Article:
By Tribune Staff
NASHVILLE, TN — “Eyes On the Prize” in its original presentation back in the late ‘80s was acclaimed by critics and audiences alike, while also winning multiple industry awards. Now the landmark series is returning to the airwaves with some additional material. The first part of the series debuted on HBO Max Monday. Plus HBO Max will later air a new special, “Eyes on the Prize: Hallowed Ground,” in August from Anonymous Content’s AC Studios and Oscar-nominated filmmaker Sophia Nahli Allison (“A Love Song for Latasha”). The special counts Black Lives Matter co-founder Patrisse Cullors among its executive producers.
HBO Max also has in production a new documentary series that will reflect on the legacy of the movement covered in Henry Hampton’s original documentary and tie it to the present day.
“We are very proud to be partnering with this dynamic team of activists and storytellers to bring this important work to our viewers,” Casey Bloys, chief content officer for HBO and HBO Max said Monday.. “Across HBO and HBO Max, we are committed to providing a platform for authentic voices representing diverse, essential stories. We are honored to collaborate with our incredibly talented producing team to bring the legacy of Henry Hampton’s groundbreaking work to a new generation.”
“Eyes on the Prize” debuted in 1987 on PBS (where it’s also still available to stream) and won universal praise from critics. The documentary, which spanned two seasons and some 30 years of the civil rights movement — the mid-1950s to the mid-1980s — won several Emmys as well as Peabody and DuPont awards. HBO Max currently has rights just to the six episodes of part one, which covers the years 1954-65.
“Eyes on the Prize: Hallowed Ground” will honor the original series as it “conjures ancestral memories, activates the radical imagination and explores the profound journey for Black liberation through the voices of the movement,” per its logline. The special is slated to debut on Aug. 19 on HBO Max.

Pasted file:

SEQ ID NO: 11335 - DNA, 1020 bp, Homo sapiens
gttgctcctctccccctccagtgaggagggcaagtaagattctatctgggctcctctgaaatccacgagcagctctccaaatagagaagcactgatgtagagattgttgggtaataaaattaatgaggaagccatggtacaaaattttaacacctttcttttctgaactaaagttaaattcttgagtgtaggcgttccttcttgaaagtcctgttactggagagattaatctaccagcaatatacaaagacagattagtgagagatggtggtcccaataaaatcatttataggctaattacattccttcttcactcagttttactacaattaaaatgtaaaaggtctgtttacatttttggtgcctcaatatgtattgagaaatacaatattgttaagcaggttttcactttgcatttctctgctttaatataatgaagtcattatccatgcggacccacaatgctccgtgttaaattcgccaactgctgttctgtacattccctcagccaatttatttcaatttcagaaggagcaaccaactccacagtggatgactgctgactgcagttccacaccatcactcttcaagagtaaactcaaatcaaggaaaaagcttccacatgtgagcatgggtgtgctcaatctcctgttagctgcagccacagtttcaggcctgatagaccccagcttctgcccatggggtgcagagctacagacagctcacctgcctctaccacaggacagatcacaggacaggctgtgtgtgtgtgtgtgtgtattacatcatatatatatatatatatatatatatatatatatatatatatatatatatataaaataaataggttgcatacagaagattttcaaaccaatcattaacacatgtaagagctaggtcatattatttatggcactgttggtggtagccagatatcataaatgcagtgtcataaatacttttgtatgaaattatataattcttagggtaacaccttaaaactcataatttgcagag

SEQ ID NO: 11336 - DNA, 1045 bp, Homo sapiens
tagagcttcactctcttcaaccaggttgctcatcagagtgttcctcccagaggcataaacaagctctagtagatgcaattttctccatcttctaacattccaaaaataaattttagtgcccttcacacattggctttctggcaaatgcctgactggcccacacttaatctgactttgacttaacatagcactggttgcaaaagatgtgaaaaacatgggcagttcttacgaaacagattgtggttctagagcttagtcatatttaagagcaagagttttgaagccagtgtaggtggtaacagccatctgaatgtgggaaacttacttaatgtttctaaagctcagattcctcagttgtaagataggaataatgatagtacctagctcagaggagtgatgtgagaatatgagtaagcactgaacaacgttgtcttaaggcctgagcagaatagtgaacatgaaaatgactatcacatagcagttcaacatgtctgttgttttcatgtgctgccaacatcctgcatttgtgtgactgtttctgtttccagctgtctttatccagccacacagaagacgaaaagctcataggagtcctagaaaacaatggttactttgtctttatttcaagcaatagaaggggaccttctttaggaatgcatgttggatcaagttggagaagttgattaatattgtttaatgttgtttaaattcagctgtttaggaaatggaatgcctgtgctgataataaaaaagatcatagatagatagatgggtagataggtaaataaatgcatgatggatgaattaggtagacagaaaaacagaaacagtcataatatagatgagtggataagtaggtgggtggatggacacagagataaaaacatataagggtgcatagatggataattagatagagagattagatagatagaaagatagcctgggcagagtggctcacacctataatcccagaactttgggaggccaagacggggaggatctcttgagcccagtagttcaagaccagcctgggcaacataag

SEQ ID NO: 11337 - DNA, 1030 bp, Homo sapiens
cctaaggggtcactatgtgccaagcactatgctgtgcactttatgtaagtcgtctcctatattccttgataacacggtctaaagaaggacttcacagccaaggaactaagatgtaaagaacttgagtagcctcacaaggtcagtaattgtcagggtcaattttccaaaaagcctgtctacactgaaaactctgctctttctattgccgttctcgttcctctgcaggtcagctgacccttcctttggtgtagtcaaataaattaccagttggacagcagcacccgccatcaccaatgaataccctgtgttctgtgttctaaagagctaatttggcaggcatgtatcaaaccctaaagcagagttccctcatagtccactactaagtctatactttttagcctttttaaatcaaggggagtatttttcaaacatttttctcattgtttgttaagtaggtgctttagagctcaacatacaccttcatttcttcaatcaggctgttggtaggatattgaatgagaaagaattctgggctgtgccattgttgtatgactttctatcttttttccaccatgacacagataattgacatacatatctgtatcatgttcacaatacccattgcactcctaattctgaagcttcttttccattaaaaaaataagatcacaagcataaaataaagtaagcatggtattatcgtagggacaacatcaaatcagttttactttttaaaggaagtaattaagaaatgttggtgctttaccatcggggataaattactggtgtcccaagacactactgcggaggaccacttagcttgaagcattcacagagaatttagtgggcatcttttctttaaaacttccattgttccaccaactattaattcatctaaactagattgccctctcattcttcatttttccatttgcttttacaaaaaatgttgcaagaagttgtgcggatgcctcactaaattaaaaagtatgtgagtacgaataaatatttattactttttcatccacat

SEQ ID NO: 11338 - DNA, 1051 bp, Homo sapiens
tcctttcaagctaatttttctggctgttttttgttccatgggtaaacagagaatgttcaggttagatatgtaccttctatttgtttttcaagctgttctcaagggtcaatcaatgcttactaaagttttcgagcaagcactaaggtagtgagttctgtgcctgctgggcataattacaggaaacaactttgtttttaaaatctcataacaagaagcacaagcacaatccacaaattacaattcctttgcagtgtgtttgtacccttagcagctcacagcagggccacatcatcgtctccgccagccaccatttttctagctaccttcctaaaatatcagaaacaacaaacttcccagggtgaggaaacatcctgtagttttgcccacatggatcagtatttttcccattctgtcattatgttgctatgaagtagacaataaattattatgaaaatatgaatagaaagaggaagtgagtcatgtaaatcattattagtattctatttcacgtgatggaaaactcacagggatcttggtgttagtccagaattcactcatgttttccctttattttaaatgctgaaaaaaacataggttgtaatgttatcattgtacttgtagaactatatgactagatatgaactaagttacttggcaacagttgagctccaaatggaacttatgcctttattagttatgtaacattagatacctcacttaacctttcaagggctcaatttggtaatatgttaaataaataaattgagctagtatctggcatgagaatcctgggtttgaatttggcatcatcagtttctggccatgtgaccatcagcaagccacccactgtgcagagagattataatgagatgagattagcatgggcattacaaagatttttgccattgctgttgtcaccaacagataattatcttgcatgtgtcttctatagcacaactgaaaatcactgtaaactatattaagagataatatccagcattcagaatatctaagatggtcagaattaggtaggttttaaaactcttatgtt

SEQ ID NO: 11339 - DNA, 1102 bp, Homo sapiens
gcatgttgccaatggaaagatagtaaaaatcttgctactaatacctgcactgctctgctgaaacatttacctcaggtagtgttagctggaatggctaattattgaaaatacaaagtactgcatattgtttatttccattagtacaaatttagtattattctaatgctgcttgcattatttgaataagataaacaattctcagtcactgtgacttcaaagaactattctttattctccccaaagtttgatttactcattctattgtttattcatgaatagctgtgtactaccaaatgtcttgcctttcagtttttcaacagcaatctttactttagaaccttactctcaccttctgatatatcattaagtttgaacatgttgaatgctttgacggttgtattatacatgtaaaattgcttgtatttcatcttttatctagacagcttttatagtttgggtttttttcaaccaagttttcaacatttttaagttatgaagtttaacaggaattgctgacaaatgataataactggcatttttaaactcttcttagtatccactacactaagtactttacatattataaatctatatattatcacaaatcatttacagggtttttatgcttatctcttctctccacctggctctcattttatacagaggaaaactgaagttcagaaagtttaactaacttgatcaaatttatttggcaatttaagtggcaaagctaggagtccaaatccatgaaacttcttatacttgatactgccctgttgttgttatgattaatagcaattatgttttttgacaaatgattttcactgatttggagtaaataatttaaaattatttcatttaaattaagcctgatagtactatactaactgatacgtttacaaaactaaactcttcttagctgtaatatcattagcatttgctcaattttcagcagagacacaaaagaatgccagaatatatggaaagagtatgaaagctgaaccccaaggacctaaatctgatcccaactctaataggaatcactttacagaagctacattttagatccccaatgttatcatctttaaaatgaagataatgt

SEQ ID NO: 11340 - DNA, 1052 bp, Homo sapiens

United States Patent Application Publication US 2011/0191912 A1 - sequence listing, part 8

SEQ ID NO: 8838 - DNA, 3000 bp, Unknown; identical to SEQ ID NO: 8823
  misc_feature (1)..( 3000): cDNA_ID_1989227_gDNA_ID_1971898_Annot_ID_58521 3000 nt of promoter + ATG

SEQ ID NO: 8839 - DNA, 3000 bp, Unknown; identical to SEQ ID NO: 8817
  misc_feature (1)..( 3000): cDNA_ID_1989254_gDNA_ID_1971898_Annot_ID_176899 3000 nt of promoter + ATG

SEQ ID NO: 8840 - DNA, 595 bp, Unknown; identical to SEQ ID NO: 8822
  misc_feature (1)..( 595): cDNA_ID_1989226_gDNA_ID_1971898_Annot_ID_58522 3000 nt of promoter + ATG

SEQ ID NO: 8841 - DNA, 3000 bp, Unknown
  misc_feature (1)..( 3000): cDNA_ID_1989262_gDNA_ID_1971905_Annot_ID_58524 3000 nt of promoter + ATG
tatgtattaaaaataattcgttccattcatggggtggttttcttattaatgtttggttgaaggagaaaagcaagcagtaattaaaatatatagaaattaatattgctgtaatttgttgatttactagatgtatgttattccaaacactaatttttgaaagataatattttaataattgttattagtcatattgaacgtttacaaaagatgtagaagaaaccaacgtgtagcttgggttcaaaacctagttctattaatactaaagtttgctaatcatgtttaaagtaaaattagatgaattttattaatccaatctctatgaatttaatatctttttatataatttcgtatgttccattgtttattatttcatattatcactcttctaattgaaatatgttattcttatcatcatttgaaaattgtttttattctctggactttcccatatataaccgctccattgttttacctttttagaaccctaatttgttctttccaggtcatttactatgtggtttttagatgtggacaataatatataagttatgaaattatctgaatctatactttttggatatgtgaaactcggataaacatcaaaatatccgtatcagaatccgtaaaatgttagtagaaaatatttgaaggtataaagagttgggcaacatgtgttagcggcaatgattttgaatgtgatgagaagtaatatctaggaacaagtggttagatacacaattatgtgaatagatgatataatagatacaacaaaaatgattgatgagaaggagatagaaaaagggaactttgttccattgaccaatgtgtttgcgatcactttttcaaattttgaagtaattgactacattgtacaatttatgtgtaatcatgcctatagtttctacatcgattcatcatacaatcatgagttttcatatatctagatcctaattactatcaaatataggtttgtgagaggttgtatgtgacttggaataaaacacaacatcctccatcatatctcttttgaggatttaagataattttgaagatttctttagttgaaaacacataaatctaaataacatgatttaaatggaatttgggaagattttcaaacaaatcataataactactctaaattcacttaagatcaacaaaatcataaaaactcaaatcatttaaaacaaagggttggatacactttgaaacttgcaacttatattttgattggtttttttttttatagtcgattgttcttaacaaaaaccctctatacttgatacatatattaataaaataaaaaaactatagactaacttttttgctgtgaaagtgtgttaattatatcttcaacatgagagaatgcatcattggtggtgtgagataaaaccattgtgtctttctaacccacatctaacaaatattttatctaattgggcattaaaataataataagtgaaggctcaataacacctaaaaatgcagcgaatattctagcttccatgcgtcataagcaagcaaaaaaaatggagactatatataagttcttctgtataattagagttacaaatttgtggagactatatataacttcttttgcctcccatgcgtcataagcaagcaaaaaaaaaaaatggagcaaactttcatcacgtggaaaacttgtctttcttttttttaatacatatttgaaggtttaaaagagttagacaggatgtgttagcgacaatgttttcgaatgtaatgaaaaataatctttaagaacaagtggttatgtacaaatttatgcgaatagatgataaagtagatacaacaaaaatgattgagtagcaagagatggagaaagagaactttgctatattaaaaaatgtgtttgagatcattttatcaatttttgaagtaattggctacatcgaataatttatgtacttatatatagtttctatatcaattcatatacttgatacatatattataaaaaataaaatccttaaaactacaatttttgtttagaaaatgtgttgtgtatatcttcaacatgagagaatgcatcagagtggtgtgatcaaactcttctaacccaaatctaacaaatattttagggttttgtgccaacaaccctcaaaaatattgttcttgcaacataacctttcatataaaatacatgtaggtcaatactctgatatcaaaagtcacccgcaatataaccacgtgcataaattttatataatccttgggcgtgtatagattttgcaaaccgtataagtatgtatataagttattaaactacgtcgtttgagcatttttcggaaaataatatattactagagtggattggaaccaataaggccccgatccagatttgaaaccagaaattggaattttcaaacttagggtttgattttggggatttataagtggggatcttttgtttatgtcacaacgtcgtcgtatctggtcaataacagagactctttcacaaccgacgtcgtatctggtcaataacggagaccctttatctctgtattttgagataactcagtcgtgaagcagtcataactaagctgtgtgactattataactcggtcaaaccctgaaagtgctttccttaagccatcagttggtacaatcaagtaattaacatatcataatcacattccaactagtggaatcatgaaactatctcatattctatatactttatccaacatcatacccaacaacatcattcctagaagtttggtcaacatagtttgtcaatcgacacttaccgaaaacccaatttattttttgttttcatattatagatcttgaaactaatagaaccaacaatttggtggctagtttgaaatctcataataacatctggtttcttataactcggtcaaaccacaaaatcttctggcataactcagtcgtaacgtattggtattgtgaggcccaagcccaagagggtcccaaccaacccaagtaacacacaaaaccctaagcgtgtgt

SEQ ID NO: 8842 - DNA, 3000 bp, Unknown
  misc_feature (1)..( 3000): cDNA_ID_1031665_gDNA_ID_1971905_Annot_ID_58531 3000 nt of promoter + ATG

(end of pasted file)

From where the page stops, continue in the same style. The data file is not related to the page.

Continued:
“I’ve watched the original “Eyes on the Prize” a thousand times. And every single time I’ve watched it I’ve been moved to tears and moved to action,” said Cullors, who has an overall deal with HBO’s corporate sibling Warner Bros. TV. “My organizing work and artistic practice was shaped by the hours of documentation I witnessed through Eyes. I am over the moon that I get to be a part of history by teaming up with Blackside, my producing partner, Mervyn Marcano, and the brilliant teams at Anonymous and WarnerMedia as we work to integrate the story of modern-day civil rights leaders for the new Eyes on the Prize: Hallowed Ground.”
Added fellow exec producer Mervyn Marcano, “I’m thrilled to be continuing the enduring legacy of Eyes on the Prize, which told a fuller and more complex story of the long fight for racial justice in our country. It’s why Hallowed Ground, helmed by our visionary director Sophia Nahli Allison, serves as the perfect start to a new chapter for Eyes — it is an emotional reflection on our journey through turbulent times and the truths we need to tell each other to forge new futures. There are indeed so many stories left to tell about who we are as a nation and where we are going, and we are lucky to have Eyes on the Prize continue to light the way.”
Judi Hampton, Henry Hampton’s sister and president and CEO of Eyes on the Prize producer Blackside, is also an executive producer of Hallowed Ground, along with Cullors, Marcano, De La Revolución Films’ Melina Matsoukas (Queen & Slim), Anonymous Content’s Joy Gorman Wettels, and Bedonna Smith, Blackside’s Sandra Forman, and Allison.
By Tribune Staff